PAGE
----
The transition to low sulphur fuels has so far been smooth, thanks to the efforts of shipping industry stakeholders in preparing for the change, which entered into force on January 1st this year.
However, there are some issues arising over the margin for error in testing the sulphur content and the presence of sediment is causing concern in some areas, warns maritime law specialist Hill Dickinson.
And, as the 1st March deadline for part two of the regulations looms, the legal expert advises ship operators to start planning now to debunker any remaining high sulphur fuel in good time.
Beth Bradley, a London-based partner at Hill Dickinson, explains: “It is nearly a month from the implementation date of Regulation 14.1.3 of Marpol Annex VI and, while it is too early to draw firm conclusions, a couple of themes are emerging as a result of the change.”
Regulation 14.1.3 Marpol Annex VI, lowers the sulphur content for marine fuel for use on board vessels not fitted with exhaust gas cleaning equipment from 3.5percent m/m to 0.50percent m/m and took effect of 1 January 2020 (the ‘sulphur cap’). Regulation 14.4.3 Marpol Annex VI limiting sulphur content to 0.10percent m/m in Emission Control Areas remains in place.
In the opening weeks of 2020 there have been very few reports of enforcement action taken against vessels for non-compliance with the sulphur cap. Consequently, the transition has been smoother than expected from a port state control perspective. This is in no small amount attributable to the efforts of the key stakeholders (owners, charterers, insurers and bunker suppliers) to prepare to be compliant as of 1 January 2020.
While this suggests a high level of compliance, it is only part of the picture, warns Ms Bradley, explaining that issues relating to the sulphur content of fuel, as well as the quality of some blended low sulphur fuels, are already arising.
Compliance with Regulation 14.1.3 means using a fuel with a sulphur content of 0.50percent m/m maximum. If the sulphur content exceeds that threshold, owners may be exposed to enforcement action. Consequently, the frequency of owners having samples tested for sulphur content has increased.
Where the bunkers are found to be marginally in excess of the limit, problems are arising largely owing to the difference between Regulation 14.3.1 and most supply contracts. An on-specification supply for sulphur content will, usually, from a suppliers’ point of view be deemed to be up to 0.53percent m/m, since that reflects the laboratory margin of confidence for testing.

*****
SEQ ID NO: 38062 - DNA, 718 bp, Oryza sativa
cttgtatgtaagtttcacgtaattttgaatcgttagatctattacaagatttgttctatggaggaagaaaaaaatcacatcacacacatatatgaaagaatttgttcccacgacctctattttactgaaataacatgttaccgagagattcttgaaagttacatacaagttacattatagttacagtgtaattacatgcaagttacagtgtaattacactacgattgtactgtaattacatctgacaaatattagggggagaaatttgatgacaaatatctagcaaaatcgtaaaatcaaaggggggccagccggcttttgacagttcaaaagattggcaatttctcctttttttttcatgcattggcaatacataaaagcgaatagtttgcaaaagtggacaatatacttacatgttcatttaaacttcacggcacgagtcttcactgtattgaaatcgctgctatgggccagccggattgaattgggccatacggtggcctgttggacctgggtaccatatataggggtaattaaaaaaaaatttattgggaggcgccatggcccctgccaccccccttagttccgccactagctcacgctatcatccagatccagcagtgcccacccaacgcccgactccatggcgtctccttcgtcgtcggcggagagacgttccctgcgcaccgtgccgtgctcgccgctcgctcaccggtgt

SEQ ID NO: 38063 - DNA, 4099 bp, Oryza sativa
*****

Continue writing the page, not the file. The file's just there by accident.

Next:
“As a result, a time consuming and costly stand-off can occur while the sulphur content issue is resolved and decisions made regarding whether to de-bunker and obtain alternative bunkers,” says Ms Bradley.
In addition, over the past four weeks there have been a number of alerts issued concerning sediment issues, in particular, in low sulphur fuels supplied in Singapore, Piraeus, Amsterdam, Rotterdam, Miami and San Vincente. The propensity to sediment can cause engine problems, from sludging of filters to engine damage and blackouts in the worst circumstances.
Ms Bradley warns: “Quality claims relating to bunkers are not a new phenomenon but, in the past, they have tended to be localised. The spread of alerts concerning sediment, suggests a potentially wider issue concerning the stability of some blended low sulphur fuel.”
She cautions: “Liability, depending on the reasons for sedimentation, may not be straightforward. While charterparties and bunker supply contracts will contain a specification for the fuel, usually by reference to the ISO 8217 standard, some organic compounds which cause sedimentation may not be caught by the Table Two parameters (although the issue may be caught by clause 5.3 of ISO 8217).”
Where shipowners have devolved the responsibility to provide bunkers to the vessel to their time charterers, the time charterers obligation as a matter of English law is two-fold; (a) to provide bunkers in accordance with the contractual specification and (b) to provide bunkers which are fit for purpose.
“As such, if the bunkers are within specification but are causing sedimentation, or are otherwise not fit to be consumed by the vessel, owners may have recourse against their time charterers,” counsels Ms Bradley, adding: “The position is not necessarily the same under bunker supply contracts, particularly if there are clear provisions excluding claims relating to fitness for purpose, which can make it difficult to pursue the supplier.”
Hill Dickinson outlines that, from a practical point of view, the usual advice to owners applies:
• ensure that they have clean bunker tanks
• avoid co-mingling of bunkers, and
• monitor sampling during the supply
Time charterers arranging the supply of bunkers (or owners if dealing direct with the suppliers) need to ensure that they understand the supply contract and have the time bar and sampling provisions firmly in mind in order to preserve their rights of recourse against the supplier, if available.
It also warns that, while the use on board of high sulphur fuel is now impermissible unless the vessel is fitted with exhaust gas cleaning systems, high sulphur fuel may be carried until 1 March.
Ms Bradley predicts: “Looking ahead, enforcement action and quality issues will remain live topics as the shipping industry adjusts to the sulphur cap. The next pinch point will be 1 March 2020 when the carriage ban takes effect.
“Owners have a little over a month in which to arrange to de-bunker high sulphur fuel and would be best advised to start planning those operations (if not already in hand) now, so as to avoid the consequences of missing the deadline,” she advises.